Mark Russell, a member, Trustee and chair of KPMG’s Disability Network
“Metro Blind Sport changes lives. Sport delivers many social, physical and mental benefits helping participants lead a more fulfilling, healthy and happy life both on and off the field of play.
Masuma, a member from Ilford
‘What I really love about tennis is that I can play a sport that other people do, and I think that being on the tennis court is a really safe environment.
The enjoyment comes from being able to socialise with other people, the ability to stay fit, not having to take it seriously unless you want to.
The thing I love about tennis is that, obviously being blind, I have never previously participated in a team sport and this is first time I have been able to do it.’
Hassan, a member from Wandsworth
‘I didn’t just discover cricket at Metro Blind Sport, I discovered independence, freedom and a new lease of life. Cricket became the vehicle to greater things in life, such as university, volunteering, employment, living on my own and the greatest achievement of all, representing my country.’
Feedback on the Athletic Open 2019
How was your experience at the Metro Blind Sport’s Athletics Open?
It was really fantastic. Everyone was so supportive and kind and everyone seemed to be having so much fun. Being with all these people like me or who had more serious sight problems, competing in all these events was amazing and I didn’t feel so alone anymore or question myself if I was good enough or not normal enough. It would be nice though to run against more girls my age or older.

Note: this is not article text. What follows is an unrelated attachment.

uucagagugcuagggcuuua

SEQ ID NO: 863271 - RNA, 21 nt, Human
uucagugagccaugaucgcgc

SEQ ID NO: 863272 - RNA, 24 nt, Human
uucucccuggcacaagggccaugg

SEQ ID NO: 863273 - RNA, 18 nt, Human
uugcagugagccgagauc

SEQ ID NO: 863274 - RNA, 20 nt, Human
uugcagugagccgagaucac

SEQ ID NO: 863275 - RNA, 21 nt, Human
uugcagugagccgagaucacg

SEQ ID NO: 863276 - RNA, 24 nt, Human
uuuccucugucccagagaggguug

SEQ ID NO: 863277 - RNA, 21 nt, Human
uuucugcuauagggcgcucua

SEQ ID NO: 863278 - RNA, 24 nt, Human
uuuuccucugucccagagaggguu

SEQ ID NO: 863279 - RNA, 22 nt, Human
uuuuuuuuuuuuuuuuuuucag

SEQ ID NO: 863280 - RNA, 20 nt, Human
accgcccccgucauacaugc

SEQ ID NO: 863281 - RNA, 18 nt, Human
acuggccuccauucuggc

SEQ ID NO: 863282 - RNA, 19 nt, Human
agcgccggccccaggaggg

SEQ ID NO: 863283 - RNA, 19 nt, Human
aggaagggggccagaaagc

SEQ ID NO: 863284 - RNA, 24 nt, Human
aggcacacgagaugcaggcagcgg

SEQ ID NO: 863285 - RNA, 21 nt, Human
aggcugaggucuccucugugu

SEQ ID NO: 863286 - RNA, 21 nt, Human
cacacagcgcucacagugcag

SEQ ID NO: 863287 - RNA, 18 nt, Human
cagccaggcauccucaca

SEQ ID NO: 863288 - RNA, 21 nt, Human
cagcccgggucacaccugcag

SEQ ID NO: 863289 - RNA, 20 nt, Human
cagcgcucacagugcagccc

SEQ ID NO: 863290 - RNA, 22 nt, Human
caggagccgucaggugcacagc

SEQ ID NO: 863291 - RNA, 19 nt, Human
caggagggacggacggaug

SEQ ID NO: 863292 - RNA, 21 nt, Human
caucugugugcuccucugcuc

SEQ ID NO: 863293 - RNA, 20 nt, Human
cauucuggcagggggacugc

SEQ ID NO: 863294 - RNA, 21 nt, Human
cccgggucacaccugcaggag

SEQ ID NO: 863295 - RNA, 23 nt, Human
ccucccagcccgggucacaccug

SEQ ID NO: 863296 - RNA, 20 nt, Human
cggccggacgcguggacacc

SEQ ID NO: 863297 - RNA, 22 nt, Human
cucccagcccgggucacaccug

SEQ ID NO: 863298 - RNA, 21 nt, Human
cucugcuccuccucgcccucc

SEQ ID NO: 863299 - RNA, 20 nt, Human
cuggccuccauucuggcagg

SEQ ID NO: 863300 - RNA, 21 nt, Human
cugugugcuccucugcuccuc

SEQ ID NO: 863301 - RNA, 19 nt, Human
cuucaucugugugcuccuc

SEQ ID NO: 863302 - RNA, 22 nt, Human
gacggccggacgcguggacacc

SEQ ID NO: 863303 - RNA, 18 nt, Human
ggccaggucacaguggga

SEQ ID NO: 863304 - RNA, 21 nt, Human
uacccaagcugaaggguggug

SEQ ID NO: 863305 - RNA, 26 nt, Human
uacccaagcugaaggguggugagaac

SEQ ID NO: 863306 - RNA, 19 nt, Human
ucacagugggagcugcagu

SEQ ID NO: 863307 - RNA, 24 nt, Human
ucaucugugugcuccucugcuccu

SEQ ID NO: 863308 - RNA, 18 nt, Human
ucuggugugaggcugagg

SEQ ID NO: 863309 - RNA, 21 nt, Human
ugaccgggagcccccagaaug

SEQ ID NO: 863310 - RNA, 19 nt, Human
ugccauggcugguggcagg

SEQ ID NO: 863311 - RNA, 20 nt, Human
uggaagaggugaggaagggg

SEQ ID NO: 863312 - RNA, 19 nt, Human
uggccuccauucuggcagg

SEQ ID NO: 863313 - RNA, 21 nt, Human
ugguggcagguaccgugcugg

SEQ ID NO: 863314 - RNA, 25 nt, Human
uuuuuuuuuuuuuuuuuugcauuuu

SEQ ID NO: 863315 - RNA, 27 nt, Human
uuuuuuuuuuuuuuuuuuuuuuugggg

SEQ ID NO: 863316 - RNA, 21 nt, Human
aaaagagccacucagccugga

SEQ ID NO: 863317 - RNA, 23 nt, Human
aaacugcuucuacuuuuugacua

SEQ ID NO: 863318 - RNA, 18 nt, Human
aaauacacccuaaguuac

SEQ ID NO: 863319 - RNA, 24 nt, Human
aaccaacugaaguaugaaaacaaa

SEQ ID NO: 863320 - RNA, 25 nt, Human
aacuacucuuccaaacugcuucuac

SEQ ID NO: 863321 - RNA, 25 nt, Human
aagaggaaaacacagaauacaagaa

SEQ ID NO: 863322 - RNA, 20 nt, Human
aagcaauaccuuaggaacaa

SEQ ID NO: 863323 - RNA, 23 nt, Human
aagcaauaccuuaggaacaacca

What advice would you want to pass on about your athletics experience to people who are blind or visually impaired?
It can seem really frightening at first trying to run or jump or throw without really being able to see where you are. My first race was a disaster, all the lines blurred together and I saw a big blur of people on one bend and thought it was the finish so I stopped not realising I still had 100m to go. But If you take the first step and stick with it the feeling when you run and finish a race is unbelievable and I feel like I can do anything then. The same with the high jump. When I started I could hardly get over 1m now I get 125 sometimes 130. I’ll never win a normal competition but I love trying to go higher and the feeling of flying is awesome. I definitely recommend starting with Metro sports as they are so much fun then if you want to continue more seriously find a good supportive club